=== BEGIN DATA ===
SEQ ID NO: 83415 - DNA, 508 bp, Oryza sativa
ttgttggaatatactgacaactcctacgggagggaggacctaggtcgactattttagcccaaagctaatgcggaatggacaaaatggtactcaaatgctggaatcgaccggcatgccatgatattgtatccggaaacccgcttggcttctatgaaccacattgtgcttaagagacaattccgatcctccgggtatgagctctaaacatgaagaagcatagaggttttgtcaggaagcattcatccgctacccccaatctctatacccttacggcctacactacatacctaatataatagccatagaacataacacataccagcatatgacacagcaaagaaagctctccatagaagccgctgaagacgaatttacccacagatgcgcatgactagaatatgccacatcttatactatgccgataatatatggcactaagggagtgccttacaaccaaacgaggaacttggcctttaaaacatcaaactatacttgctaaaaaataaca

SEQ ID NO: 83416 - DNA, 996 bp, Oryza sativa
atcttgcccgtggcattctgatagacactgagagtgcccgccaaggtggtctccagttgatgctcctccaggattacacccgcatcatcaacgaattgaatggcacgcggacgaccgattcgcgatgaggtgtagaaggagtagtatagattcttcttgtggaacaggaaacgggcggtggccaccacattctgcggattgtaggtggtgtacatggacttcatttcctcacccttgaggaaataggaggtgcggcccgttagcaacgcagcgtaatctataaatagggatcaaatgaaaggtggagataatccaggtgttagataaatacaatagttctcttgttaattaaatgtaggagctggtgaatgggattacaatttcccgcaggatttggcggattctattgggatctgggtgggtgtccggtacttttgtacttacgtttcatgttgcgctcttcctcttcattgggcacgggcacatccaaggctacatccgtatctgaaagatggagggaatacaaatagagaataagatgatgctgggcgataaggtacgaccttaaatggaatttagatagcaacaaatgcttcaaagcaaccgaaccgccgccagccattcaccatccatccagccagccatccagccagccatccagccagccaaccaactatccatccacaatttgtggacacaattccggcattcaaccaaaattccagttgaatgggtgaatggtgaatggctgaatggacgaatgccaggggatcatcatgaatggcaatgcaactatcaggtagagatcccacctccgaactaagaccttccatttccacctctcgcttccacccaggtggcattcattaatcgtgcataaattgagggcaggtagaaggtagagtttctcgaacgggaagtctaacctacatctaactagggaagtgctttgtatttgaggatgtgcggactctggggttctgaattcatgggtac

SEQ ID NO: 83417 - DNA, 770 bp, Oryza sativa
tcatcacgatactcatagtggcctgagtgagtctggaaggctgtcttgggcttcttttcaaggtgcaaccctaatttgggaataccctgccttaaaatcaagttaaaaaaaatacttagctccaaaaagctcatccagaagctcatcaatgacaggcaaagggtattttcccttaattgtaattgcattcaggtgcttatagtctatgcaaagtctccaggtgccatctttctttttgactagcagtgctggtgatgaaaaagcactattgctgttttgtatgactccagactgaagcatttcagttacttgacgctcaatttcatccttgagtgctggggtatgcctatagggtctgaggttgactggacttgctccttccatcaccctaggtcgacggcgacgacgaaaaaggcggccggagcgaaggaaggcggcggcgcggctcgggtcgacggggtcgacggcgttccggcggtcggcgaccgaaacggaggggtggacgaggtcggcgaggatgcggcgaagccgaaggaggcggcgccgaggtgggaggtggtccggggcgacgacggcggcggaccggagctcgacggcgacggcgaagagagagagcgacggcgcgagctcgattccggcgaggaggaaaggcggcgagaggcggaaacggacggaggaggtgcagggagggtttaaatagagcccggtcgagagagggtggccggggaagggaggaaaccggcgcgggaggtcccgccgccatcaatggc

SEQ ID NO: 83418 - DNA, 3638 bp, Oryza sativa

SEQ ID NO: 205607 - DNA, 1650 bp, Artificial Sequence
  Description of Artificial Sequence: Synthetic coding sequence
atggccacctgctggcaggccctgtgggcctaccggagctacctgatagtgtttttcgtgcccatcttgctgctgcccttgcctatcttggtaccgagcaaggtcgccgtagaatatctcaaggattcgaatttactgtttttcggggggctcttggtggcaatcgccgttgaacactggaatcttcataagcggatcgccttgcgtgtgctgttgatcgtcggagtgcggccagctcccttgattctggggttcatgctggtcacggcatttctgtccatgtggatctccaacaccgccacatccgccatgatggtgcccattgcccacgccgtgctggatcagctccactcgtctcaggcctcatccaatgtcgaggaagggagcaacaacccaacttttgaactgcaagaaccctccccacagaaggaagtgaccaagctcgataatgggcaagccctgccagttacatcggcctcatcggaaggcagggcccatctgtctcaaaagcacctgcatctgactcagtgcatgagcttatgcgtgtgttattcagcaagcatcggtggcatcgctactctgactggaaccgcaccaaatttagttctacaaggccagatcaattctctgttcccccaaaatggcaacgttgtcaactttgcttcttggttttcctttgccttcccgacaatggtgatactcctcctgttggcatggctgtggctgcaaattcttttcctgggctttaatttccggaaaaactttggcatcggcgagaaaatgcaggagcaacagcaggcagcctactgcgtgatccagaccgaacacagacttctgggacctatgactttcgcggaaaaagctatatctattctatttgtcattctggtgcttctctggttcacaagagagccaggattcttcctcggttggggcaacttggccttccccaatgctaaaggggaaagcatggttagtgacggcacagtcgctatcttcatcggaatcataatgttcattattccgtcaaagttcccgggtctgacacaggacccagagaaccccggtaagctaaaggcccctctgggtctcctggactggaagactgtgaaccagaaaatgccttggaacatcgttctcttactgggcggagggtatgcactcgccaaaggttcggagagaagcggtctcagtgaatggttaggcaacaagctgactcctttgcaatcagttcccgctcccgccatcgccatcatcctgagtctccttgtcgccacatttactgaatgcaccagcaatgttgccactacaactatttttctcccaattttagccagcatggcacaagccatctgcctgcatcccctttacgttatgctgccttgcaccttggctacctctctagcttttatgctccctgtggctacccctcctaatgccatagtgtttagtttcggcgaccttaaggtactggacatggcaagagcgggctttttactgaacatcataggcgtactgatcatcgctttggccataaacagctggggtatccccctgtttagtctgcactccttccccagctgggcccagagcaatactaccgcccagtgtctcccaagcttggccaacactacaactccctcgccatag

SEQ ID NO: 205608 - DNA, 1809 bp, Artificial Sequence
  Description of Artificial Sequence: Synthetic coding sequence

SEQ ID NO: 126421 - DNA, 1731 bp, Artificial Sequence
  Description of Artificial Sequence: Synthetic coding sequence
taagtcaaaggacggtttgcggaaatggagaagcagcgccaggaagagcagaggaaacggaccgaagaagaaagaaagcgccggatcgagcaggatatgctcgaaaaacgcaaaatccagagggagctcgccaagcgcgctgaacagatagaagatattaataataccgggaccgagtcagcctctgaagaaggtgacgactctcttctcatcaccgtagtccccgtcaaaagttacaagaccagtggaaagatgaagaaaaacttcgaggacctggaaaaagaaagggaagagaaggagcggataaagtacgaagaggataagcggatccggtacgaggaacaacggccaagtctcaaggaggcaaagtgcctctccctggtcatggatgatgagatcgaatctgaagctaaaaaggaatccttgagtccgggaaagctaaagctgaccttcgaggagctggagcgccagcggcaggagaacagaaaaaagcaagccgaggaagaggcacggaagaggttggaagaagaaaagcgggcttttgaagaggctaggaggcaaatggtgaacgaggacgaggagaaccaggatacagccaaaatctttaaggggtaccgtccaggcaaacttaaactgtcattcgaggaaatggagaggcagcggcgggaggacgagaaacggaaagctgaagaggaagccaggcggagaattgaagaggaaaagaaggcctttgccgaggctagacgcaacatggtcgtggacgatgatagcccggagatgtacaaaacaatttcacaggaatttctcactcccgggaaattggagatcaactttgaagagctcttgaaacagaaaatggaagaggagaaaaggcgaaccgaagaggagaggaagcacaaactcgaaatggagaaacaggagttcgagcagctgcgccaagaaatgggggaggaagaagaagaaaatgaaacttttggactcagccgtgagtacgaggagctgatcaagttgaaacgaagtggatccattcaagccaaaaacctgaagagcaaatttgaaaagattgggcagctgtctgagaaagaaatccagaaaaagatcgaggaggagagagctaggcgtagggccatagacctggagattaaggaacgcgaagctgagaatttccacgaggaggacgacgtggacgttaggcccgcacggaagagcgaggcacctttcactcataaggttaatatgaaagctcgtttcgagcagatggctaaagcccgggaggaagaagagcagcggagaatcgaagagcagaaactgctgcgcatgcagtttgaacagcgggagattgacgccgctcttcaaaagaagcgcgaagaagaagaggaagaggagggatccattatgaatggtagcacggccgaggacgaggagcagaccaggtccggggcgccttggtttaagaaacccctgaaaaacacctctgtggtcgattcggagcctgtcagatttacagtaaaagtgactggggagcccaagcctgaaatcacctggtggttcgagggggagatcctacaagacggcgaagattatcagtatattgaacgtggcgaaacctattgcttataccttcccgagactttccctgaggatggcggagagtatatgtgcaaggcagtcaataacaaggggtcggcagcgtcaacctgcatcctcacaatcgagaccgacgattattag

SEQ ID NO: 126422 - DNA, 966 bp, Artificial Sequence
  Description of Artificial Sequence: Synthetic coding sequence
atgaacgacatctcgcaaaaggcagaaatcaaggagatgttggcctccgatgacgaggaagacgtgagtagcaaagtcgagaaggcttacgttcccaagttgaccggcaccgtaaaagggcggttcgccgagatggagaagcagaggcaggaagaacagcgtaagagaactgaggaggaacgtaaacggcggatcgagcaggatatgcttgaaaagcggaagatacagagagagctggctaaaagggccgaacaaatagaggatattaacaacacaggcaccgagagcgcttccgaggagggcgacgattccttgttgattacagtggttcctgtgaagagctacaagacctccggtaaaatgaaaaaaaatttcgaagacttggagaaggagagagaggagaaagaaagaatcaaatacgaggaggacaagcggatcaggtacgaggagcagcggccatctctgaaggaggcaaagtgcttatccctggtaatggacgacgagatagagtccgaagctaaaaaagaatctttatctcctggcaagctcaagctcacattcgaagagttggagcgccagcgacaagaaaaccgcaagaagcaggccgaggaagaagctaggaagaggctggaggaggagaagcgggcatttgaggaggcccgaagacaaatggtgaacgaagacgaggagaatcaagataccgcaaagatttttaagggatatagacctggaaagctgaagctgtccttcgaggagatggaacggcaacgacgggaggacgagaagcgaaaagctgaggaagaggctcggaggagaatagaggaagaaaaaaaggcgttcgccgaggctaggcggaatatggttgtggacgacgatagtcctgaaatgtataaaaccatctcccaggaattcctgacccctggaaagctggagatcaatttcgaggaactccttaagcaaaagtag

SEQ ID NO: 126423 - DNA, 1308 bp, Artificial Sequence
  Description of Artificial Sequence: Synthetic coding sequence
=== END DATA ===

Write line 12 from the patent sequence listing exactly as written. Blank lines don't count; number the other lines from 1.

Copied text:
  Description of Artificial Sequence: Synthetic coding sequence